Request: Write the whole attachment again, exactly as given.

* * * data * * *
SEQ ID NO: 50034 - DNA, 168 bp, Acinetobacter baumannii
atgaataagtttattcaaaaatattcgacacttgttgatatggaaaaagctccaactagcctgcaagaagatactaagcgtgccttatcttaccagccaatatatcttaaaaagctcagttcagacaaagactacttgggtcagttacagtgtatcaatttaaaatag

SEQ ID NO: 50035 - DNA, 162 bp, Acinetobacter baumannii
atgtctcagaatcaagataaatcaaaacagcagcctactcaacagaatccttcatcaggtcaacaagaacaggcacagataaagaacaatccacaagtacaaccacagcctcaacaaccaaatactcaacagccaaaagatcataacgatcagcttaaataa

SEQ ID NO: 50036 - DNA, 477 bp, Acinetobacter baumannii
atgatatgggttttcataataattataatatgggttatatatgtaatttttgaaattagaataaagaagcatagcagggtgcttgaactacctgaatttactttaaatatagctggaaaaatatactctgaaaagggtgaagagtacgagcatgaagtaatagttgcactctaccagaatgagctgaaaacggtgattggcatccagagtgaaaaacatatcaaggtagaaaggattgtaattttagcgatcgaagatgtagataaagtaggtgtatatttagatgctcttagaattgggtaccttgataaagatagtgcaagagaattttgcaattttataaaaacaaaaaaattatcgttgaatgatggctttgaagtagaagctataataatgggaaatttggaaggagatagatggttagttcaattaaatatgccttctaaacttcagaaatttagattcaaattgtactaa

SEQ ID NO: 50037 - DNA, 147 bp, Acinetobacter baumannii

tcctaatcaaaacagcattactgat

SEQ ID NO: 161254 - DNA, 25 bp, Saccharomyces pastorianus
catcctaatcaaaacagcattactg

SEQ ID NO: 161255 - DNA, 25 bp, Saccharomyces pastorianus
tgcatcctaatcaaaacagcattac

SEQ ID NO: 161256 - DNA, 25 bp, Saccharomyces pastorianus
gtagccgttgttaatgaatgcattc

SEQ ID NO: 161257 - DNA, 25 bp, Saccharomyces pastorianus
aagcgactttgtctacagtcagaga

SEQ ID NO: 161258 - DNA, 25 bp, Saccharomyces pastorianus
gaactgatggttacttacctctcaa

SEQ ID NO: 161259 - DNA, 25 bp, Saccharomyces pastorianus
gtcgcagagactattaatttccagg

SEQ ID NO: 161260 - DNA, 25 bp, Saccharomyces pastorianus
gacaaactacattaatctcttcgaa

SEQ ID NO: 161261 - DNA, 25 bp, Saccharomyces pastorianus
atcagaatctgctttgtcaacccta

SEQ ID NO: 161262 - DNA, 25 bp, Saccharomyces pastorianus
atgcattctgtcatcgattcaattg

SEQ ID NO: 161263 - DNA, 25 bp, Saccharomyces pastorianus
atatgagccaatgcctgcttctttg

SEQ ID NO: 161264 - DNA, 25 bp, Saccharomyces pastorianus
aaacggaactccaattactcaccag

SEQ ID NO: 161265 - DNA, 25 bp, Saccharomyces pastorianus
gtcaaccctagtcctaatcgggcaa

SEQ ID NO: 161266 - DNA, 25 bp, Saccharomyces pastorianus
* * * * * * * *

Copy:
SEQ ID NO: 50034 - DNA, 168 bp, Acinetobacter baumannii
atgaataagtttattcaaaaatattcgacacttgttgatatggaaaaagctccaactagcctgcaagaagatactaagcgtgccttatcttaccagccaatatatcttaaaaagctcagttcagacaaagactacttgggtcagttacagtgtatcaatttaaaatag

SEQ ID NO: 50035 - DNA, 162 bp, Acinetobacter baumannii
atgtctcagaatcaagataaatcaaaacagcagcctactcaacagaatccttcatcaggtcaacaagaacaggcacagataaagaacaatccacaagtacaaccacagcctcaacaaccaaatactcaacagccaaaagatcataacgatcagcttaaataa

SEQ ID NO: 50036 - DNA, 477 bp, Acinetobacter baumannii
atgatatgggttttcataataattataatatgggttatatatgtaatttttgaaattagaataaagaagcatagcagggtgcttgaactacctgaatttactttaaatatagctggaaaaatatactctgaaaagggtgaagagtacgagcatgaagtaatagttgcactctaccagaatgagctgaaaacggtgattggcatccagagtgaaaaacatatcaaggtagaaaggattgtaattttagcgatcgaagatgtagataaagtaggtgtatatttagatgctcttagaattgggtaccttgataaagatagtgcaagagaattttgcaattttataaaaacaaaaaaattatcgttgaatgatggctttgaagtagaagctataataatgggaaatttggaaggagatagatggttagttcaattaaatatgccttctaaacttcagaaatttagattcaaattgtactaa

SEQ ID NO: 50037 - DNA, 147 bp, Acinetobacter baumannii

tcctaatcaaaacagcattactgat

SEQ ID NO: 161254 - DNA, 25 bp, Saccharomyces pastorianus
catcctaatcaaaacagcattactg

SEQ ID NO: 161255 - DNA, 25 bp, Saccharomyces pastorianus
tgcatcctaatcaaaacagcattac

SEQ ID NO: 161256 - DNA, 25 bp, Saccharomyces pastorianus
gtagccgttgttaatgaatgcattc

SEQ ID NO: 161257 - DNA, 25 bp, Saccharomyces pastorianus
aagcgactttgtctacagtcagaga

SEQ ID NO: 161258 - DNA, 25 bp, Saccharomyces pastorianus
gaactgatggttacttacctctcaa

SEQ ID NO: 161259 - DNA, 25 bp, Saccharomyces pastorianus
gtcgcagagactattaatttccagg

SEQ ID NO: 161260 - DNA, 25 bp, Saccharomyces pastorianus
gacaaactacattaatctcttcgaa

SEQ ID NO: 161261 - DNA, 25 bp, Saccharomyces pastorianus
atcagaatctgctttgtcaacccta

SEQ ID NO: 161262 - DNA, 25 bp, Saccharomyces pastorianus
atgcattctgtcatcgattcaattg

SEQ ID NO: 161263 - DNA, 25 bp, Saccharomyces pastorianus
atatgagccaatgcctgcttctttg

SEQ ID NO: 161264 - DNA, 25 bp, Saccharomyces pastorianus
aaacggaactccaattactcaccag

SEQ ID NO: 161265 - DNA, 25 bp, Saccharomyces pastorianus
gtcaaccctagtcctaatcgggcaa

SEQ ID NO: 161266 - DNA, 25 bp, Saccharomyces pastorianus